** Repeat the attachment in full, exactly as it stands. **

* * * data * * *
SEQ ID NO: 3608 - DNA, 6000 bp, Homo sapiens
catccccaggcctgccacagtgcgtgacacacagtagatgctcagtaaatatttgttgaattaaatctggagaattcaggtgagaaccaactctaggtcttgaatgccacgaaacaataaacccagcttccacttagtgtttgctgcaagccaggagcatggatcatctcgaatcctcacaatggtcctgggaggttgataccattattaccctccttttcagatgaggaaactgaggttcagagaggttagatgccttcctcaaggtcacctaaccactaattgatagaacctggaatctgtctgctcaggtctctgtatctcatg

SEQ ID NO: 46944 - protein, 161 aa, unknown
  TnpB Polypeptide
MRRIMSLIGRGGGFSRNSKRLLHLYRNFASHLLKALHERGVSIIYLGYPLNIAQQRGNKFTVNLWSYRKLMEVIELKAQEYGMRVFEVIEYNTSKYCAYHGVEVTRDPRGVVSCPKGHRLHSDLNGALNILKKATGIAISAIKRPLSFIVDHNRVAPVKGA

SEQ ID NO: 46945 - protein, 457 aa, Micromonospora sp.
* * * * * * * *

SEQ ID NO: 3608 - DNA, 6000 bp, Homo sapiens
catccccaggcctgccacagtgcgtgacacacagtagatgctcagtaaatatttgttgaattaaatctggagaattcaggtgagaaccaactctaggtcttgaatgccacgaaacaataaacccagcttccacttagtgtttgctgcaagccaggagcatggatcatctcgaatcctcacaatggtcctgggaggttgataccattattaccctccttttcagatgaggaaactgaggttcagagaggttagatgccttcctcaaggtcacctaaccactaattgatagaacctggaatctgtctgctcaggtctctgtatctcatg

SEQ ID NO: 46944 - protein, 161 aa, unknown
  TnpB Polypeptide
MRRIMSLIGRGGGFSRNSKRLLHLYRNFASHLLKALHERGVSIIYLGYPLNIAQQRGNKFTVNLWSYRKLMEVIELKAQEYGMRVFEVIEYNTSKYCAYHGVEVTRDPRGVVSCPKGHRLHSDLNGALNILKKATGIAISAIKRPLSFIVDHNRVAPVKGA

SEQ ID NO: 46945 - protein, 457 aa, Micromonospora sp.